HomeMediaPick of the Day: Restomodded 1969 Plymouth ‘Cuda

Pick of the Day: Restomodded 1969 Plymouth ‘Cuda

More than just slang


To view more information about our Pick of the Day, click the links in the article below.

When Plymouth introduced the Road Runner in 1968, it took the industry by storm, changing the tide of the performance wars. By 1969, its influence could be felt through the furthest reaches of Detroit … as well as Hammtramck itself as Plymouth now was applying the Road Runner formula to the Barracuda. This interesting tidbit is but one good reason why this 1969 Plymouth Barracuda is our Pick of the Day. It is for sale on by a consignment shop in southeastern Pennsylvania. (Click the link to view the listing)

Since 1965, the Formula S carried the performance torch for the Barracuda. That package was still available in 1969, but the new ‘Cuda package was more econo-racer like the Road Runner. Visually, it differentiated itself from the Formula S thanks to non-functional hood scoops complemented by broad black stripes, which were matched by black longitudinal stripes along the lower part of both sides. Other ‘Cuda features included black grille, dual chrome exhaust tips, heavy-duty suspension and shock absorbers, E70 x 14 x 9-inch redline tires, and vinyl bench seat.

Aside from the identifying scoops, striping and plain interior, the ‘Cuda package was almost identical to the Formula S. Both were available with the 275-horsepower 340 or 330-horse 383, but only the ‘Cuda was available with 440 that was introduced in the middle of the model year. Additionally, the ‘Cuda package was only available on the fastback or coupe, while the Formula S’s availability also included the convertible.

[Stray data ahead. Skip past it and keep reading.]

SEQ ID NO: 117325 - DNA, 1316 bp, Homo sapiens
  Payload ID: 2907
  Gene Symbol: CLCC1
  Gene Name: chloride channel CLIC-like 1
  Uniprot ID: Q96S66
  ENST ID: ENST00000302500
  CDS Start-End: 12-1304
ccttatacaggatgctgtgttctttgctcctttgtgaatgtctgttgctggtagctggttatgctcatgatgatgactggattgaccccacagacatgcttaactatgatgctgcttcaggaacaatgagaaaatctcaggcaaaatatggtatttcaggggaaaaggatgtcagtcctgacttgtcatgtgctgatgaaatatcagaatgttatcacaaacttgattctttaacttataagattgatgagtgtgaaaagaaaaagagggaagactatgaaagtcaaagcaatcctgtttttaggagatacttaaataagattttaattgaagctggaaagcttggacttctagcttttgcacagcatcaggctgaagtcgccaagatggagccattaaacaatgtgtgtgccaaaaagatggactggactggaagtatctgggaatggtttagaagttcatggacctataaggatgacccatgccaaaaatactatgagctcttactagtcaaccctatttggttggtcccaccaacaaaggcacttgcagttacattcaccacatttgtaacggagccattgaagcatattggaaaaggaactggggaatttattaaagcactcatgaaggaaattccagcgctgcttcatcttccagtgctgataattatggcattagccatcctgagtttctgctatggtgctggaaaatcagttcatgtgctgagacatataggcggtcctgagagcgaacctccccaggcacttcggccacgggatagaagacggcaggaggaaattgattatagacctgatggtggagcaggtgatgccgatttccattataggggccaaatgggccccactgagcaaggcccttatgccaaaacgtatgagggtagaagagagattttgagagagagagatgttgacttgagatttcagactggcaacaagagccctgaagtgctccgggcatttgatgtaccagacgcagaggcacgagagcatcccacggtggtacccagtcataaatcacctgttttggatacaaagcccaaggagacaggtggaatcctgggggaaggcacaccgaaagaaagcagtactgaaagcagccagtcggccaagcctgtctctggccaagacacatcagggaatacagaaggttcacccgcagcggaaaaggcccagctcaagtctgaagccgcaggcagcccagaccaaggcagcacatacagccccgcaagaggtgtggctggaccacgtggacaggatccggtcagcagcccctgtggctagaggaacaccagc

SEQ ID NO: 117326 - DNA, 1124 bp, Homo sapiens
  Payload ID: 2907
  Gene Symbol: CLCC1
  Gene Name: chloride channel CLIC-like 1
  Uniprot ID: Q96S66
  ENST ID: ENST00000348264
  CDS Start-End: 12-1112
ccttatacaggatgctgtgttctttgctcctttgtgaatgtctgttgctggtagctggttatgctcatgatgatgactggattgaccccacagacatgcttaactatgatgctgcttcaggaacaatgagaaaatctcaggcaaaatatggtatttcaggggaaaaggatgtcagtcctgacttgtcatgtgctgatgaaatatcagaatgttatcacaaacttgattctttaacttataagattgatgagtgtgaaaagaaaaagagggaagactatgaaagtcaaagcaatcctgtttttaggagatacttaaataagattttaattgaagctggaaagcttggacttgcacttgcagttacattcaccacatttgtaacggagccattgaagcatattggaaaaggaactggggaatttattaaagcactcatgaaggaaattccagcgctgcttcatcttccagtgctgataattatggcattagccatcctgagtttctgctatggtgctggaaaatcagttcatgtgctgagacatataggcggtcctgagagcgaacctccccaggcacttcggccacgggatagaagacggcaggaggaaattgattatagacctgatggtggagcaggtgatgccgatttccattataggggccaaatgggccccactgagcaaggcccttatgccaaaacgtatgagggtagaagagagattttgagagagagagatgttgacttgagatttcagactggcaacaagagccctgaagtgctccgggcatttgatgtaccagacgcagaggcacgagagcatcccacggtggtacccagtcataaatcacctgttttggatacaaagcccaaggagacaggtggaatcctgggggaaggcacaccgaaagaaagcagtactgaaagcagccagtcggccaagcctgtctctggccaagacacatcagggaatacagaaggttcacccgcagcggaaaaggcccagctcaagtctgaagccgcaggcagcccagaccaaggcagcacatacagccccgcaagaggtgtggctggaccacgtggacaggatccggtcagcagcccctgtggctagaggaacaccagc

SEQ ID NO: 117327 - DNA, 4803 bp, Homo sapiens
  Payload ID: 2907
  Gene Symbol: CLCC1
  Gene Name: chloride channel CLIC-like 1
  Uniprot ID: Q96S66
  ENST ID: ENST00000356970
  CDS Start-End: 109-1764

Admittedly, this 1969 Plymouth Barracuda on is a ‘Cuda clone. Look at the VIN and fender tag and you’ll see that it was built as a Scorch Red (R6) Slant Six coupe with a Deluxe white bucket seat interior with red components — quite a nice combination though, along the way, someone changed the interior to the standard red buckets. More transformations can be found elsewhere including a modern 6.1-liter Hemi V8 from a 2010 Charger. “A BBK throttle body provides the oxygen to the Warhart Customs custom-built intake manifold,” says the seller. “EFI Source handles the fuel and electronics management for the engine,” he adds, with a Ron Francis Wiring 24/7 Access system keeping the upgrade reliable. An A727 TorqueFlite automatic and 8¾-inch rear with Auburn Trutrac differential and 3.55 gears are responsible for putting the horses on the road. Subframe connectors have been installed, and “Wilwood provides the disc brakes on the front and back,” with an RMS coil-over system (including rear triangulated 4-bar suspension) replacing the original suspension. “Of extra note is the power rack and pinion steering and the gold race-style deep sump oil pan.”

With an old look outside and a new look underneath, this 1969 Plymouth Barracuda may be the answer to those who find themselves wanting something vintage yet spoiled by the charms of modern machinery. If you have $74,900, then maybe it’s time to spoil yourself.

To view this listing on, see Pick of the Day.

Diego Rosenberg
Diego Rosenberg
Lead Writer Diego Rosenberg is a native of Wilmington, Delaware and Princeton, New Jersey, giving him plenty of exposure to the charms of Carlisle and Englishtown. Though his first love is Citroen, he fell for muscle cars after being seduced by 1950s finned flyers—in fact, he’s written two books on American muscle. But please don’t think there is a strong American bias because foreign weirdness is never far from his heart. With a penchant for underground music from the 1960-70s, Diego and his family reside in metropolitan Phoenix.


  1. Actually, this is a Barracuda. The monicker ‘Cuda didn’t appear until 1970, in the high performance versions of the “Barracudas”. I understand that this is a restomod, but it doesn’t deserve the name ‘Cuda


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